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Flu vaccine effectiveness data are not available yet, but the latest flu-related death and hospitalization estimates are in.
The CDC is continuing to stress the importance of getting the influenza vaccine as deaths and hospitalizations remain high.
There have been at least 13 million flu illnesses, 120,000 hospitalizations, and 6600 deaths from the flu this season, the CDC estimates in its Weekly US Influenza Report Surveillance Report for the week ending January 11.
“Flu vaccine effectiveness estimates are not available yet this season, but vaccination is always the best way to prevent flu and its potentially serious complications,” the CDC said in the report.
The percentage of deaths from pneumonia and influenza increased from 6% to 6.9% for the week, but “remains below the epidemic threshold,” CDC said. The overall hospitalization rate was 19.9 per 100,000 population–similar to recent previous influenza seasons at this time of year.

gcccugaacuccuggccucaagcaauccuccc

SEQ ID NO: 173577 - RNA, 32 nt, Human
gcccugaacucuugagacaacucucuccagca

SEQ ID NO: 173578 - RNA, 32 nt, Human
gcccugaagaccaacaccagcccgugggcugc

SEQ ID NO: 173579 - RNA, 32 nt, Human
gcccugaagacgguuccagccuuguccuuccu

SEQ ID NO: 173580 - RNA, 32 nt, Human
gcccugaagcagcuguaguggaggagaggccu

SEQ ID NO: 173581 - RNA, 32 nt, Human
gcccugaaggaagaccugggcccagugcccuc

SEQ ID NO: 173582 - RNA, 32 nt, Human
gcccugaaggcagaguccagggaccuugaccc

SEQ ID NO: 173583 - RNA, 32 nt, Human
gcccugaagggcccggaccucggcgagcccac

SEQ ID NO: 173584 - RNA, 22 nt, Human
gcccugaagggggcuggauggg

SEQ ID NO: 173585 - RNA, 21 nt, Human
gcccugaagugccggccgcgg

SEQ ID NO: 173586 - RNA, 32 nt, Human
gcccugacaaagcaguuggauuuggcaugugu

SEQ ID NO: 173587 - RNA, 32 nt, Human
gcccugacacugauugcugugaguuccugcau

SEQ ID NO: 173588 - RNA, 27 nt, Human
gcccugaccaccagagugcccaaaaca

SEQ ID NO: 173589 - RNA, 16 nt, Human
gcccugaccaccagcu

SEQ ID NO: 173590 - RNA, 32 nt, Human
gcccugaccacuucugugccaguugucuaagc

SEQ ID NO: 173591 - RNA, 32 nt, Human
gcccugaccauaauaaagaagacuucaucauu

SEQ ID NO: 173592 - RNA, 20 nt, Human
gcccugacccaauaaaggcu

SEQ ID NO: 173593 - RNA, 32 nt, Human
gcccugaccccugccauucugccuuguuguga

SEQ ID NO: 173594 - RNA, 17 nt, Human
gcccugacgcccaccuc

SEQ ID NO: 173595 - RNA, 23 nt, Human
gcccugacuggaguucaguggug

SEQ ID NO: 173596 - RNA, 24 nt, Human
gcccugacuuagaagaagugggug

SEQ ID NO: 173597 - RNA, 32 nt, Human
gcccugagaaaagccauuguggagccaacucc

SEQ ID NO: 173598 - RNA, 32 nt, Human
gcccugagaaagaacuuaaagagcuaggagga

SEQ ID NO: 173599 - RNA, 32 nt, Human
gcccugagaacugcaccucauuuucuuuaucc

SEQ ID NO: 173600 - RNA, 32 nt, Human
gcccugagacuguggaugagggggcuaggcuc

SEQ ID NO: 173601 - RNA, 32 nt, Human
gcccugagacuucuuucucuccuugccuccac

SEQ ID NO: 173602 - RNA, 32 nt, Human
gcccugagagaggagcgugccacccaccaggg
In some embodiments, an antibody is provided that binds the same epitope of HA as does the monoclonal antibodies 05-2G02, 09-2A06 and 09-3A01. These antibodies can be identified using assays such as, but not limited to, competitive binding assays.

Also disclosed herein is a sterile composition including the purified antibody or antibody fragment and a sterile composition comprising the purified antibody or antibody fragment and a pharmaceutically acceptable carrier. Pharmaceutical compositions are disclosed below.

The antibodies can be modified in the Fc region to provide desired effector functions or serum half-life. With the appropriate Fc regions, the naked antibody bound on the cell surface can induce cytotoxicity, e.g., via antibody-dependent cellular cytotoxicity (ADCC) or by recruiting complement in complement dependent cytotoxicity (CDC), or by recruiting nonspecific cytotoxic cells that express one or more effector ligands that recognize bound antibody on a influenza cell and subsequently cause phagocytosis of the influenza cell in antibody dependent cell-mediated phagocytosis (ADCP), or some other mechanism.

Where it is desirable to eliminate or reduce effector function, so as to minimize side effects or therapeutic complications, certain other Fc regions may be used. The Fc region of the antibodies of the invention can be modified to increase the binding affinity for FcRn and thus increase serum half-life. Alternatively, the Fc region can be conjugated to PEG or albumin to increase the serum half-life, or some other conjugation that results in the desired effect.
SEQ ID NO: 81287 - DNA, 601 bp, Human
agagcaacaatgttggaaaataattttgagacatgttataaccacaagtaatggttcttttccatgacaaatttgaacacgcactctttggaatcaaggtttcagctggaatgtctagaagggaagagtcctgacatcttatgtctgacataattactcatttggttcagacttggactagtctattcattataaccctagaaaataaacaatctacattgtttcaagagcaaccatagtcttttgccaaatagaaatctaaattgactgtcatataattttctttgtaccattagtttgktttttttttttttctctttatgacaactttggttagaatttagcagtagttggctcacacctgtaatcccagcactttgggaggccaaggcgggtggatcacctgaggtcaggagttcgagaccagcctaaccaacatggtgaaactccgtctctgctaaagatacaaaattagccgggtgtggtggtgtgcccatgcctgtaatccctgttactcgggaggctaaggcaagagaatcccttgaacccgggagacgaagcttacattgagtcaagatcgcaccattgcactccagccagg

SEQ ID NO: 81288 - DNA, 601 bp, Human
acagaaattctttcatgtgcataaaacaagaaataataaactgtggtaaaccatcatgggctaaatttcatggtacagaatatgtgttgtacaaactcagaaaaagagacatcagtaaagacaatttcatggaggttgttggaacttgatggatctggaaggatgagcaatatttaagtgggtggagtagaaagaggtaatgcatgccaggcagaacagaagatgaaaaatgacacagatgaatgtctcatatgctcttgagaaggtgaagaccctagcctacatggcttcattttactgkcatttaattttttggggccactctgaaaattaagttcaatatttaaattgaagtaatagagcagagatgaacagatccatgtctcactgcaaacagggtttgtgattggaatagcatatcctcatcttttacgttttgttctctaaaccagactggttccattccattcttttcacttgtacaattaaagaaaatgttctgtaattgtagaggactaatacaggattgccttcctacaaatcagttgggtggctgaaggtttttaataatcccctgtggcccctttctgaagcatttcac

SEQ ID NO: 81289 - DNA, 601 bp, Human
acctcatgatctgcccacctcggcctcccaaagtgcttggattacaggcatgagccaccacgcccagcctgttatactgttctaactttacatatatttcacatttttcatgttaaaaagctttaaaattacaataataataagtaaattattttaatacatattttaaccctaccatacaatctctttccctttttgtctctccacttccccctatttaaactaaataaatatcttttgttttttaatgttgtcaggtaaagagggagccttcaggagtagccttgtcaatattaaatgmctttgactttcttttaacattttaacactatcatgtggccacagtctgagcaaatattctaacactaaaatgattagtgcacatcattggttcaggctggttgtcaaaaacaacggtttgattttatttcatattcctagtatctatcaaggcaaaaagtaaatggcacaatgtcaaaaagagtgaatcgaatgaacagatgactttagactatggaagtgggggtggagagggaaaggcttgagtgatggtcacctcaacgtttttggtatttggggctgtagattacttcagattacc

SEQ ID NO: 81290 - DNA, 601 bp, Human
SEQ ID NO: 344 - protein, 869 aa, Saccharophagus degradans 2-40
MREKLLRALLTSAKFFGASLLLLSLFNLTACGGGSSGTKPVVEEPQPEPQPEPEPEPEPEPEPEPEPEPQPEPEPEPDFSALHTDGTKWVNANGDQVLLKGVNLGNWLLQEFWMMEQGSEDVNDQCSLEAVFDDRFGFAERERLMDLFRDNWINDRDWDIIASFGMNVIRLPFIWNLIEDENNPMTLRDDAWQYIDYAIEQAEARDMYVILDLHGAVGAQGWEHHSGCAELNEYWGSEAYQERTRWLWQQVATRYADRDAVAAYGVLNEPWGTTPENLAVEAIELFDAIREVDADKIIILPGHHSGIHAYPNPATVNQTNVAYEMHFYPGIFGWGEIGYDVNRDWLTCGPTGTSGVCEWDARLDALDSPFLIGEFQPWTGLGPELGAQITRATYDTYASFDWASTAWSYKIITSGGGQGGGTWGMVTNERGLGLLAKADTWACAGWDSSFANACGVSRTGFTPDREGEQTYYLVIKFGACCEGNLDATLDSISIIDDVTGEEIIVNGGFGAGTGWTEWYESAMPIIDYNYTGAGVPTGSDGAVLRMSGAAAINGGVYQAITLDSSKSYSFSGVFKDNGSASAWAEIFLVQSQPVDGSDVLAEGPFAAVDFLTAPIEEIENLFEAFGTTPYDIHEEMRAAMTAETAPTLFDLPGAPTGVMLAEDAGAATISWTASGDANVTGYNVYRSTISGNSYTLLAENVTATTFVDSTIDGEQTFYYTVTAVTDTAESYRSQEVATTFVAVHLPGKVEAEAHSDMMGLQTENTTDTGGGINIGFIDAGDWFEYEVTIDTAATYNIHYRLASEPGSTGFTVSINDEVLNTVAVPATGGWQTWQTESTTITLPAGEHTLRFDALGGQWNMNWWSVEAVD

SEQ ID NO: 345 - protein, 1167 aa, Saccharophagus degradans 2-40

Seven flu-associated pediatric deaths have been reported to the CDC since late December. “All 7 were associated with influenza B viruses that did not have a lineage determined,” CDC noted.
Although visits to health care providers for influenza-like illnesses declined from 5.7% to 4.7% during the week ending January 11, all regions remain above their baselines, according to the CDC.
Almost all (>99%) of the influenza viruses tested this season are susceptible to the 4 FDA-approved influenza antiviral medications recommended for use in the United States this season. “Antiviral medications are an important adjunct to flu vaccine in the control of influenza,” the CDC emphasized.
Nationally, influenza B/Victoria viruses are the most commonly reported influenza viruses among children age 0 to 4 years old (47% of reported viruses) and 5 to 24 years old (57% of reported viruses), whereas A(H1N1)pdm09 viruses are the most commonly reported influenza viruses among persons 25 to 64 years of age (46% of reported viruses) and 65 years of age and older (53% of reported viruses).